A local state representative is calling for fundamental reform of the state’s standardized testing system after the “litany of errors” he claims plagued the State of Texas Assessments of Academic Readiness (STAAR) in 2016. State Rep. Jason Isaac (R-Dripping Springs) called for reform in a press release Monday, adding “flawed testing practice” threatens the state’s “ability to fulfill our education system’s goals – and our children’s futures.” Isaac suggests school districts should be able to choose from national standardized tests as the state fixes the STAAR test. “The litany of errors being uncovered about STAAR is simply a disservice to our students,

hard-working teachers, and families,” Isaac said in a statement. “To that end, I propose that schools be given the freedom to choose from a variety of nationally normed standardized tests, not have their hands tied while the State of Texas tries to iron out STAAR’s many kinks.” When STAAR was last administered in May, issues regarding test administration, along with lost or late testing materials, glitches that erased test results, and mishandling of students’ private information have been discovered, according to a press release. In March, numerous school districts across the state reported issues with the online STAAR test, causing test answers to be lost. According to a report by the Texas Tribune, the glitch affected more than

–Jason Isaac, State Representative

14,000 tests. In June, the Texas Education Agency (TEA) said it wouldn’t hold fifth and eighth grade students who failed the STAAR exam back a grade, or force them to retest, due to issues with New Jersey-based test vendor Education Testing Services (ETJ), according to the Tribune. According to the release, STAAR also failed

to meet the provisions of House Bill 743, which Isaac jointly authored. HB 743 requires that 85 percent of students be able to complete the exams within two or three hours, depending on grade. The TEA last week announced ETS has been fined more than $20 million for these errors, possibly the largest such fine in Texas history.

Continued from pg. 1

“The overriding deal was that every generation of Roberts has been able to swim in Onion Creek …you want the creek to be clean after the project is done.” –Scott Roberts, owner of Driftwood property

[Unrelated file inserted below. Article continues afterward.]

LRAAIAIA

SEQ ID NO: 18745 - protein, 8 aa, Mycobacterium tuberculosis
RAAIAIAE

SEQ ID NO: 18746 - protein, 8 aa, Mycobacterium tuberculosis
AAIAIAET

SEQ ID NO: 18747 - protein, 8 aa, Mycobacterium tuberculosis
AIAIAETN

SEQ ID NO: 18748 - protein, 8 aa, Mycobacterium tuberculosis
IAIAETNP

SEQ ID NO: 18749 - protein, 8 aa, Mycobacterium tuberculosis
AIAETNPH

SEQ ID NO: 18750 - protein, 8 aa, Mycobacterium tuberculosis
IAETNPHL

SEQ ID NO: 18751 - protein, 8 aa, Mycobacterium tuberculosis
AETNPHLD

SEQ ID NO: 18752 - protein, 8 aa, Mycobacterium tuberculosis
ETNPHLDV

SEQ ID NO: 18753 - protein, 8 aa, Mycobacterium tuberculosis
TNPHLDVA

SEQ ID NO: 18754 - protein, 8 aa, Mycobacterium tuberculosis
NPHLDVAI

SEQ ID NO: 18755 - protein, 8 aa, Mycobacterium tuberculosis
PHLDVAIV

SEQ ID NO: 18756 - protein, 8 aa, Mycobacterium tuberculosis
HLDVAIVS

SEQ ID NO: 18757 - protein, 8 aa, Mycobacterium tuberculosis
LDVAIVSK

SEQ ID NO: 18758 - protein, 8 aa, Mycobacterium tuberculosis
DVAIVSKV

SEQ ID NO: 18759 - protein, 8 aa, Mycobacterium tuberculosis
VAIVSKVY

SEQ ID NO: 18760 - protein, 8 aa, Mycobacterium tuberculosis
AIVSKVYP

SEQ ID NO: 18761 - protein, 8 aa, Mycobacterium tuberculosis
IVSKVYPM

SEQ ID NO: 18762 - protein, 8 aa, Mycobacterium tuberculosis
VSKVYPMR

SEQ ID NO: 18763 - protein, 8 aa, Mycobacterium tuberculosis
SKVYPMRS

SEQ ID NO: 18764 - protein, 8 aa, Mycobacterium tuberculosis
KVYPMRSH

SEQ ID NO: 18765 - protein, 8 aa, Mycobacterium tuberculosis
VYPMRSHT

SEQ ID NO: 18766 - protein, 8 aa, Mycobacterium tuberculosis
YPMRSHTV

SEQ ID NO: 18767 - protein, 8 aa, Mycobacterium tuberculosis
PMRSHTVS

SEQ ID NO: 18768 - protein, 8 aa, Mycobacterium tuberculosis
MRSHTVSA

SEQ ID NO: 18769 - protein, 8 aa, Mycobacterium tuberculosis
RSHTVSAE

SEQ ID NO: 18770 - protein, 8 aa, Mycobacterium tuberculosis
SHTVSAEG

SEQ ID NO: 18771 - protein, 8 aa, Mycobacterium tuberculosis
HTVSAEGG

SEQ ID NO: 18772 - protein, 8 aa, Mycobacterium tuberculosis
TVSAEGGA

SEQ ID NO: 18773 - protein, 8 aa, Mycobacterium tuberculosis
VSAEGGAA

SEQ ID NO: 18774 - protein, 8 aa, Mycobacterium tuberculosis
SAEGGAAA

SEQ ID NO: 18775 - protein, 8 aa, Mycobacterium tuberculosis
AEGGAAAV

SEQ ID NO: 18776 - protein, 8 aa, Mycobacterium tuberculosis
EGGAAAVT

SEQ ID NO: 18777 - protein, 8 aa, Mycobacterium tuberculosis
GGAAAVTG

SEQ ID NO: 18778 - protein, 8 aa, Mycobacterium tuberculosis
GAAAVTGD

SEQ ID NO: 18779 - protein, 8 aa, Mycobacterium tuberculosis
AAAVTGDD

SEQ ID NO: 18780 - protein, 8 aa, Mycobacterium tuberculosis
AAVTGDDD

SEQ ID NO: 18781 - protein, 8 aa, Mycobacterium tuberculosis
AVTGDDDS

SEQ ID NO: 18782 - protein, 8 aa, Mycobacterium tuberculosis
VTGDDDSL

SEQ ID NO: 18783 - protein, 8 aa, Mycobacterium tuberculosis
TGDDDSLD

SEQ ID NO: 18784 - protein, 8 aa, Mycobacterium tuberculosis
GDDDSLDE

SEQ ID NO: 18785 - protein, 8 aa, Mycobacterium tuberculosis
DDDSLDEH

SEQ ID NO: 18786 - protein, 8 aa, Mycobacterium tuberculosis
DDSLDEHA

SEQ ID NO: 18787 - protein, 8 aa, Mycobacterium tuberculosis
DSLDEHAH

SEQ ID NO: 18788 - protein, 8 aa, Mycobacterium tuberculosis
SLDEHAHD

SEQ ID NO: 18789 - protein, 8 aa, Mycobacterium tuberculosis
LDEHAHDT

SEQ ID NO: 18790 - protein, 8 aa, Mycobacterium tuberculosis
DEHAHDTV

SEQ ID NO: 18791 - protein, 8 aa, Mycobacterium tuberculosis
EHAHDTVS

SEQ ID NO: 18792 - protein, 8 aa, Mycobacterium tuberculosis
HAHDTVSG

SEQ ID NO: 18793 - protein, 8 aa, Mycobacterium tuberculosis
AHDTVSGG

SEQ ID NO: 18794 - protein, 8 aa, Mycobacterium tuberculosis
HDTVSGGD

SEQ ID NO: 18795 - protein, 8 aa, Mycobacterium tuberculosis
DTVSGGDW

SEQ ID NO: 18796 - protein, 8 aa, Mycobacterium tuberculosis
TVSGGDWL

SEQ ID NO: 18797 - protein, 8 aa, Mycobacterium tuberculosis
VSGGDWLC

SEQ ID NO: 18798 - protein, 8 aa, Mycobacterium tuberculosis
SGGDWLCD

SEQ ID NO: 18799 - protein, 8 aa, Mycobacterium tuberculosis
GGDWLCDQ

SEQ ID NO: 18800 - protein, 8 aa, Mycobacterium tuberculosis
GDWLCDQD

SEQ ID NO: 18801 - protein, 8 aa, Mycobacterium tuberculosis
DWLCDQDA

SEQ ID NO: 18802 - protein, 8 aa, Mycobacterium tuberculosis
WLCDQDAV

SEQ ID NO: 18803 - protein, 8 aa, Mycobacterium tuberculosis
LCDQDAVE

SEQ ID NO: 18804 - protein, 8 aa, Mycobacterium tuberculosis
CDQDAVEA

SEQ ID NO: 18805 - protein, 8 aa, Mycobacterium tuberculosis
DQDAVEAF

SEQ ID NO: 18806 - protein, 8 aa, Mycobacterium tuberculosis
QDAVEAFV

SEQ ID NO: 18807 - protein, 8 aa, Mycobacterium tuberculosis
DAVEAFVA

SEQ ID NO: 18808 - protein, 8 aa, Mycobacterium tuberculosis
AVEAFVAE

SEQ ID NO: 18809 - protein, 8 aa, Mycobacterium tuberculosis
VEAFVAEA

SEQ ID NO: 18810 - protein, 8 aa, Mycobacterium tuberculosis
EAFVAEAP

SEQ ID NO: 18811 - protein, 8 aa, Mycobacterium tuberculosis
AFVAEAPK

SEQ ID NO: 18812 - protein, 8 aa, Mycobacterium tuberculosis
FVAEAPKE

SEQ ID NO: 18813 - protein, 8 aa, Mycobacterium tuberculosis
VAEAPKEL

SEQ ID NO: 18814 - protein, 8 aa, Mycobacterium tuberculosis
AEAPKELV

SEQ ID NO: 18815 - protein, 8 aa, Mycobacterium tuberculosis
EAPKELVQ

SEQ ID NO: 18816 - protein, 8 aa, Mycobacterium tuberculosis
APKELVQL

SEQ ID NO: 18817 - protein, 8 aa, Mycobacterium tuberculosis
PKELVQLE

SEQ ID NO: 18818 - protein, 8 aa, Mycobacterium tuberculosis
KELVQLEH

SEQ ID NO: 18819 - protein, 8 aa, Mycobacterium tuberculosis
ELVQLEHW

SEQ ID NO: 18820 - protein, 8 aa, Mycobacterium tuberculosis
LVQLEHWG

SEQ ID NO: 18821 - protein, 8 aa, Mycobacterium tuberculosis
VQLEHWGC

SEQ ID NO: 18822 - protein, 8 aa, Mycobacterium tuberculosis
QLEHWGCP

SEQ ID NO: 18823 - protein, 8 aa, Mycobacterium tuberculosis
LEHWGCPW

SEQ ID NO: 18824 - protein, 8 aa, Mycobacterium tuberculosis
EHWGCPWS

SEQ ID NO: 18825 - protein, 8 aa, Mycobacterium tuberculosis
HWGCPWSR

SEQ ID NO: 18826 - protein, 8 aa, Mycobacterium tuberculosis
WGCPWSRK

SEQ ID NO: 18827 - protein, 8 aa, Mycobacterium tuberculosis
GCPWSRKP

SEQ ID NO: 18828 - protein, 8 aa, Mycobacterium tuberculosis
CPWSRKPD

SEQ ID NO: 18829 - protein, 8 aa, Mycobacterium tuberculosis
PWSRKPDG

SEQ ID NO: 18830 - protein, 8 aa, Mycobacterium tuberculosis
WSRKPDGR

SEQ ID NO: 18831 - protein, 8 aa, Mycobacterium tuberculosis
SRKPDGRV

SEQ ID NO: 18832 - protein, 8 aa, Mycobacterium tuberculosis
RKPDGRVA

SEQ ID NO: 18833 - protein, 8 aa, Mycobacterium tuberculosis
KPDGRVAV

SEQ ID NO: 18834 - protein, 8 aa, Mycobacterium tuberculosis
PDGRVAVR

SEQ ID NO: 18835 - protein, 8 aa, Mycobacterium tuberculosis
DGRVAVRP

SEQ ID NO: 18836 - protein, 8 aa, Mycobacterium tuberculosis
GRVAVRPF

Roadways, which are typically 120 to 180 feet due to drainage features on the sides, would be limited to 32 feet due to overland drainage. In addition, he said roadways were “hand cleared,” with contractors successfully relocating 165 trees. The development received a permit from TCEQ for rainwater capture from rooftops, with the resulting water used for irrigation on the land. He said the development received a private consultation from the Texas Department of Fish and Wildlife, which said in a letter the development would have “no impact

“I’m pleased that the Texas Education Agency has taken significant steps to improve STAAR, but it’s clear there is still more work to be done,” Isaac said. “School districts should not be hampered by an inefficient and ineffective system. Adding a dose of free-market philosophy to education by allowing a variety of standardized test options can only drive down costs

Mesothelioma

Driftwood: ‘You want the creek to be clean...’ What Driftwood could share with area neighbors is retail and residential space, along with a lodge and spa, an events center and a hotel. Thus far, the main entryway has been constructed and 31 home sites have been prepared. Home sites in the development have a footprint of a maximum 4,500 square feet, with home site prices starting at $350,000. Driftwood would also feature a 200-unit lodge and spa. Build out is expected over the next three to five years. Maintaining an environmentally sensitive design was also the prime focus for Roberts and his development team. Features include limiting the amount of impervious cover on the property to only 17 percent. Roberts said estimates could have the amount of impervious cover limited to 14 percent. He also said 90 percent of drainage in the property is “open flow.”

and improve quality.” Dripping Springs ISD Superintendent Dr. Bruce Gearing said in an emailed response the district has always advocated for “local control in education” and believes Isaac’s call for reform would be a “positive step to consider other mechanisms for assessment. “The freedom to make local decisions also aligns with our status as a District of Innovation and our district goals of delivering personalized learning to students,” Gearing said. He added that Isaac listens “carefully to the challenges that educators and school districts face.” “We appreciate Rep. Isaac’s interest in public education, and look forward to working together in the future to address some of these changes,” Gearing said.

“The litany of errors being uncovered about STAAR is simply a disservice to our students, hard-working teachers, and families ... To that end, I propose that schools be given the freedom to choose from a variety of nationally normed standardized tests, not have their hands tied while the State of Texas tries to iron out STAAR’s many kinks.”